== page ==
INSTITUTO ARGENTINO DE NIVOLOGIA, GLACIOLOGIA Y CIENCIAS AMBIENTALES
Unidad Ejecutora - UE
congresos y reuniones científicas
Small cynodont footprints from the Middle Triassic Cerro de las Cabras Formation, Mendoza Province, Argentina
KRAPOVICKAS, VERÓNICA; GAETANO, LEANDRO; MANCUSO, ADRIANA CECILIA; MARSICANO, CLAUDIA
Jornada; Jornadas Argentinas de Paleontología de Vertebrados; 2015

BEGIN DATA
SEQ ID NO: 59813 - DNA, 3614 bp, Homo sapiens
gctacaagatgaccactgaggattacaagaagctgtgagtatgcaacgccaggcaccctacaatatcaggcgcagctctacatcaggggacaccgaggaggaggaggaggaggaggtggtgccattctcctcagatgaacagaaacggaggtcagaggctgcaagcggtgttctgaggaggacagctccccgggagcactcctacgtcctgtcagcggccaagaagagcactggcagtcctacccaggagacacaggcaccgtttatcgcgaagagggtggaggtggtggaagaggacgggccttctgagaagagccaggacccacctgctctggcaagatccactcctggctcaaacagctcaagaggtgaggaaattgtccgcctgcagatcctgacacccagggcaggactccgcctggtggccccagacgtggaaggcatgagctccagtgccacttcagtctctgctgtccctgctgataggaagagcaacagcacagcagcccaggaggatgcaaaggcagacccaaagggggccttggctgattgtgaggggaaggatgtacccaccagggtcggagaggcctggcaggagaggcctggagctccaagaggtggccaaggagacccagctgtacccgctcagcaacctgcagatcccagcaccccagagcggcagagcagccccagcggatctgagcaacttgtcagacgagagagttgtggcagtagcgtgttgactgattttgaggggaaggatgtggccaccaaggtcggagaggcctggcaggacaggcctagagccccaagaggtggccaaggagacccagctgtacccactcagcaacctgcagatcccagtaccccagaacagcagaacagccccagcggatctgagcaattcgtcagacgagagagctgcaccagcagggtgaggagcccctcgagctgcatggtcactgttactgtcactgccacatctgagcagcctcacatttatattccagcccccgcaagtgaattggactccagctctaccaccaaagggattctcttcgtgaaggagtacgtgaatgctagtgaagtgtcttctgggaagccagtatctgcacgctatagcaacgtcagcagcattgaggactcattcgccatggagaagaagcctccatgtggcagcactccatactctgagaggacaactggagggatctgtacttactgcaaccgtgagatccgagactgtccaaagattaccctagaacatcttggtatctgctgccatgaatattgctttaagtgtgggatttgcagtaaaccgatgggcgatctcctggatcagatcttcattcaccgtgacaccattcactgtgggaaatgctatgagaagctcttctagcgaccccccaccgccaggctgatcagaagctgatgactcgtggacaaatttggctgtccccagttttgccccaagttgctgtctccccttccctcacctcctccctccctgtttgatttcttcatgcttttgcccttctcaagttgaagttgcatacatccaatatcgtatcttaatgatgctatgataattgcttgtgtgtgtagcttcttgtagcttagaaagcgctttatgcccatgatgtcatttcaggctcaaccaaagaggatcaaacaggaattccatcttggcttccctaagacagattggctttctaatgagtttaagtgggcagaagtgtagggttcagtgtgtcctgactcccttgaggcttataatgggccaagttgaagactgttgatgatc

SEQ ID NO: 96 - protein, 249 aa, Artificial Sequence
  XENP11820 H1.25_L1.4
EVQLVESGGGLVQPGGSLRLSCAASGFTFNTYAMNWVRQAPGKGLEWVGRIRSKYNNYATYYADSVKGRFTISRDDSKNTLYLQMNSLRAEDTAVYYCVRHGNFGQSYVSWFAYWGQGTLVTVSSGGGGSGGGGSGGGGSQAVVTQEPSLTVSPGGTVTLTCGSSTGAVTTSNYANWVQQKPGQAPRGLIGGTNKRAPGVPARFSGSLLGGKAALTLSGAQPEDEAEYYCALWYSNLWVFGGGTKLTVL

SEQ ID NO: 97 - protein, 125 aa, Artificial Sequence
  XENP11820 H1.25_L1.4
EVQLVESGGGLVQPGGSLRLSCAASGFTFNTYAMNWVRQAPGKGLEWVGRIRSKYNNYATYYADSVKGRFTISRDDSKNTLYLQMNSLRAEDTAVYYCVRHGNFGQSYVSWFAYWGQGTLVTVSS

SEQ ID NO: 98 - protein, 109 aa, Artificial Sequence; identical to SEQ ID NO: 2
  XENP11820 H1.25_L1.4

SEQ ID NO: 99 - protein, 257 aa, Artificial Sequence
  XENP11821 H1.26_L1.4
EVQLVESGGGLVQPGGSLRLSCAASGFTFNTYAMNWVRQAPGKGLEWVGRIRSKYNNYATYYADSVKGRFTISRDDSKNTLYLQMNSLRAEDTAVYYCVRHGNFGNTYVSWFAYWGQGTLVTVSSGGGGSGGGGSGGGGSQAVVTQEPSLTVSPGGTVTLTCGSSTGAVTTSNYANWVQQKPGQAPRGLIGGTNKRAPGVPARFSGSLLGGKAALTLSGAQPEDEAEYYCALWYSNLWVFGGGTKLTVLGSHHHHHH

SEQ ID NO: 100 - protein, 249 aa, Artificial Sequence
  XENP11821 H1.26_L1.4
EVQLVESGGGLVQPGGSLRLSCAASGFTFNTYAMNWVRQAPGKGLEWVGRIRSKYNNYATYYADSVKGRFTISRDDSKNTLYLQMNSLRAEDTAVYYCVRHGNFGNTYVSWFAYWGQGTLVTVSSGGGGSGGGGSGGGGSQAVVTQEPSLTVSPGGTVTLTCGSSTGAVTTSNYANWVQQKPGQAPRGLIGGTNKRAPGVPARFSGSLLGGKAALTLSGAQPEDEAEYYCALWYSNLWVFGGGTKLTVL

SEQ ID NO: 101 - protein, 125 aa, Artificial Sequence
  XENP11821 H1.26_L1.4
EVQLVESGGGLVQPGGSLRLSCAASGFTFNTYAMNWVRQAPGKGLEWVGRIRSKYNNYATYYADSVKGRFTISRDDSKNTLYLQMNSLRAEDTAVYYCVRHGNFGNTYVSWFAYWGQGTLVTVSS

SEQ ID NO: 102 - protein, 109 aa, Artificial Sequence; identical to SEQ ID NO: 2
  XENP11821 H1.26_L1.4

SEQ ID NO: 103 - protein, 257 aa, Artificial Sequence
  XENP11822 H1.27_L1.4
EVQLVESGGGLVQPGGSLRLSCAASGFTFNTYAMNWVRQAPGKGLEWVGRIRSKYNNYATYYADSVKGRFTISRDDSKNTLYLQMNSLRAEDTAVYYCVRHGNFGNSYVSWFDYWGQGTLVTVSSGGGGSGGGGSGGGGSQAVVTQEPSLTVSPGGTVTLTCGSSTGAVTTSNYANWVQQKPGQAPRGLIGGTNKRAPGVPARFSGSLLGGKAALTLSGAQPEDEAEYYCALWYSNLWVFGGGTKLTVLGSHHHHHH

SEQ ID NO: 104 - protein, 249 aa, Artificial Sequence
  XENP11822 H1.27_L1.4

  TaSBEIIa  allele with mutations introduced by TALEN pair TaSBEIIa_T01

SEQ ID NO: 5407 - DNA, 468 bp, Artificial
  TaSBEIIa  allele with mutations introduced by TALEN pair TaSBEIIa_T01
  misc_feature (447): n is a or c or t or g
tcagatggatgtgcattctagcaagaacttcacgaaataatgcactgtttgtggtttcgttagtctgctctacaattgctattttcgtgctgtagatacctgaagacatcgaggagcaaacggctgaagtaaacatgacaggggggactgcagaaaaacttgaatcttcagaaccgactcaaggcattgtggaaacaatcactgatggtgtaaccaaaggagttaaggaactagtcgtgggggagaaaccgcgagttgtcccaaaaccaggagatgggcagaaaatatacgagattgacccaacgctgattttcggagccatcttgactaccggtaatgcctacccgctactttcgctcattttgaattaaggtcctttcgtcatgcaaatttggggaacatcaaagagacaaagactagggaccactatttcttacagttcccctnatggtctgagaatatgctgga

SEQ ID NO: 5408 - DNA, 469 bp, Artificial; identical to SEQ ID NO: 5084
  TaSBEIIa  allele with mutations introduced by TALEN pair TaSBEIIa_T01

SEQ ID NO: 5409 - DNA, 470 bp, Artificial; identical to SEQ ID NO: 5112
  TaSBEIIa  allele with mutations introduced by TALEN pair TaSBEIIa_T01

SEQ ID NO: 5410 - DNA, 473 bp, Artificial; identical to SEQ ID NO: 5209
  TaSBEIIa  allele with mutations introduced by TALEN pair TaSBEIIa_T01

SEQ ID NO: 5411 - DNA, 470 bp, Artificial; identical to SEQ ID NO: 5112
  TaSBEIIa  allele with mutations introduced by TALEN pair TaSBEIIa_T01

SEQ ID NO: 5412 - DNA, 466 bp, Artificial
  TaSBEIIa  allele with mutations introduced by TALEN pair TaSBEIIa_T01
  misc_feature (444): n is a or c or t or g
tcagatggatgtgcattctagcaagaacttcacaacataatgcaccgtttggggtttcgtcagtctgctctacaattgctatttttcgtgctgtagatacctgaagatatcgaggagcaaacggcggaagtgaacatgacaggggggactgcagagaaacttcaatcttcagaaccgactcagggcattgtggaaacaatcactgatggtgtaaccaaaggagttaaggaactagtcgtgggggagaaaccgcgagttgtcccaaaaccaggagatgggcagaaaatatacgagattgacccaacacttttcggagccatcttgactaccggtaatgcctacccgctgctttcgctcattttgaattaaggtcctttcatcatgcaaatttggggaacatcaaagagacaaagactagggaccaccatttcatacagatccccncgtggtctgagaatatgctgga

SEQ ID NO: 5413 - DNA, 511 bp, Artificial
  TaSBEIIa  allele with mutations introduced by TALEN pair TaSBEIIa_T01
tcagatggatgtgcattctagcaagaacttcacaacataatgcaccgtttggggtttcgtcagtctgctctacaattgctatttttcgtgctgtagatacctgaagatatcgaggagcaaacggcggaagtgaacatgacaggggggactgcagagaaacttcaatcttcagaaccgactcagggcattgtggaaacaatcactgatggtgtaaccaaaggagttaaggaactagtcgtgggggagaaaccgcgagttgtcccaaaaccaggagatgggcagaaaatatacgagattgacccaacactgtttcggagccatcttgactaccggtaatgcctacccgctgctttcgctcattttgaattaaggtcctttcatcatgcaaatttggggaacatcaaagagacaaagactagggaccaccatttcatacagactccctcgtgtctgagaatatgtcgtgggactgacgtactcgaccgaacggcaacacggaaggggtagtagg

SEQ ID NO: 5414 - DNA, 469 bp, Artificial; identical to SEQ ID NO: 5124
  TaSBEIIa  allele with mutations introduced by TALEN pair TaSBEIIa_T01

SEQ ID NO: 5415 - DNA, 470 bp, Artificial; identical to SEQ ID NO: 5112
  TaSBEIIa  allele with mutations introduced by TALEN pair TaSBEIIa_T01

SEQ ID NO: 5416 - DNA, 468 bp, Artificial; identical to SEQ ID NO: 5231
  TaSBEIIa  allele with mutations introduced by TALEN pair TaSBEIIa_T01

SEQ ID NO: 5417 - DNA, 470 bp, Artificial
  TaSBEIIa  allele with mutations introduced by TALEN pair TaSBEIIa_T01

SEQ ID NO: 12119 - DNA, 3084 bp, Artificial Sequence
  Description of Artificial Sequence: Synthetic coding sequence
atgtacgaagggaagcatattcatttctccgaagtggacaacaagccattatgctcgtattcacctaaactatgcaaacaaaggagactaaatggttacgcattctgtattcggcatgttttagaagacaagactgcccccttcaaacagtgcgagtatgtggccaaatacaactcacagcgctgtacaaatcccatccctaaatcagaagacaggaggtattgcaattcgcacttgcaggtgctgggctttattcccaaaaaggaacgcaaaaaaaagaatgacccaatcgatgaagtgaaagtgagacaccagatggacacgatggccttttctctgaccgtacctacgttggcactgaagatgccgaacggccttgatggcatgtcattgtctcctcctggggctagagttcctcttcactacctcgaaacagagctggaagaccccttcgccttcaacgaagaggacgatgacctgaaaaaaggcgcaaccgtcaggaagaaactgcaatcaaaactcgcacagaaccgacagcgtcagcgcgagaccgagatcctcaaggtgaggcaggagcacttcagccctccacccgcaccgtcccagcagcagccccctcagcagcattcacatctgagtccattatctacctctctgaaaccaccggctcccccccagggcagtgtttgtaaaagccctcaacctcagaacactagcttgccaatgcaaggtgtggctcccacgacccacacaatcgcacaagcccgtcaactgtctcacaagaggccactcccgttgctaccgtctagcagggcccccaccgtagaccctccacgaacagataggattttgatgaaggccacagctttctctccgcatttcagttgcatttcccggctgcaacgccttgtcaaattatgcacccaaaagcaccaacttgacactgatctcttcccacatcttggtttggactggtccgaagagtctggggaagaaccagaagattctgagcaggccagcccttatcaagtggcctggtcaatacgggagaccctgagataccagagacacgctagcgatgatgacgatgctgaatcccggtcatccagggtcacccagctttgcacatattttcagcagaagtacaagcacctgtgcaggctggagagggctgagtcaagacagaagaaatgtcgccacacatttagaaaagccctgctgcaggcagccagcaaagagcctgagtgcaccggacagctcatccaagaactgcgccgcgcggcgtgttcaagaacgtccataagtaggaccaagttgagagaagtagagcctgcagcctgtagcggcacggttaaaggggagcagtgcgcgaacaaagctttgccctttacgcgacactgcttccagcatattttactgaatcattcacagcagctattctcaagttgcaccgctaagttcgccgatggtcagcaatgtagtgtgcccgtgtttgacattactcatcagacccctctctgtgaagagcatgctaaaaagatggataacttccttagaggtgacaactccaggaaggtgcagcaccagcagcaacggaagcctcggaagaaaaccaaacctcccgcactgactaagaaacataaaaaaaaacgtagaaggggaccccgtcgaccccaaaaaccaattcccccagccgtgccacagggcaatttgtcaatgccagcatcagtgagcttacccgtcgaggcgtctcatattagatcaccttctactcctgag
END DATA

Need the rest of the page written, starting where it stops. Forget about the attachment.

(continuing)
Triassic cynodonts from Argentina are known from a relatively abundant corporeal fossil record whereas ichnological evidence is notoriously scarcer. Mesozoic footprints attributable to cynodonts or closely related taxa (eutheriodonts) have been described from a handful of Middle Triassic-Middle Jurassic localities from Argentina (Cerro de Las Cabras Los Rastros, Los Menucos, Portezuelo , and La Matilde formations). We present herein the finding of previously unreported, small, well preserved footprints assignable to cynodonts at Sierra de La Peña area, Mendoza Province, Argentina. The material recorded consists in small isolated manus-pes sets. The footprints are homopod, symmetric, and pentadactil. Digits II-IV are of equal length and anteriorly directed, while digits I and V are slightly shorter and more laterally directed than the central digit impressions. The manus and pes are wider than long (14 x 10 mm), present short metatarsal/carpal impressions, and lack a calcanear impression. The La Peña footprints differ from the Triassic examples in the small size, the symmetry, and the lack of a calcanear impression and are highly comparable with those of Ameghinichnus patagonicus from The Middle Jurassic La Matilde Formation. The autopodial anatomy of known Triassic Argentinean cynodont taxa is poorly documented precluding specific trackmarker identification on the basis of pedal or manual morphological traits. Nevertheless, it can be ascertained that the size of the footprints described here is approximately coincident to what is expected of Andescynodon mendozensis whereas Cromptodon mamiferoides, the only other cynodont recorded in the Cerro de Las Cabras Formation, would have presented much smaller autopodia.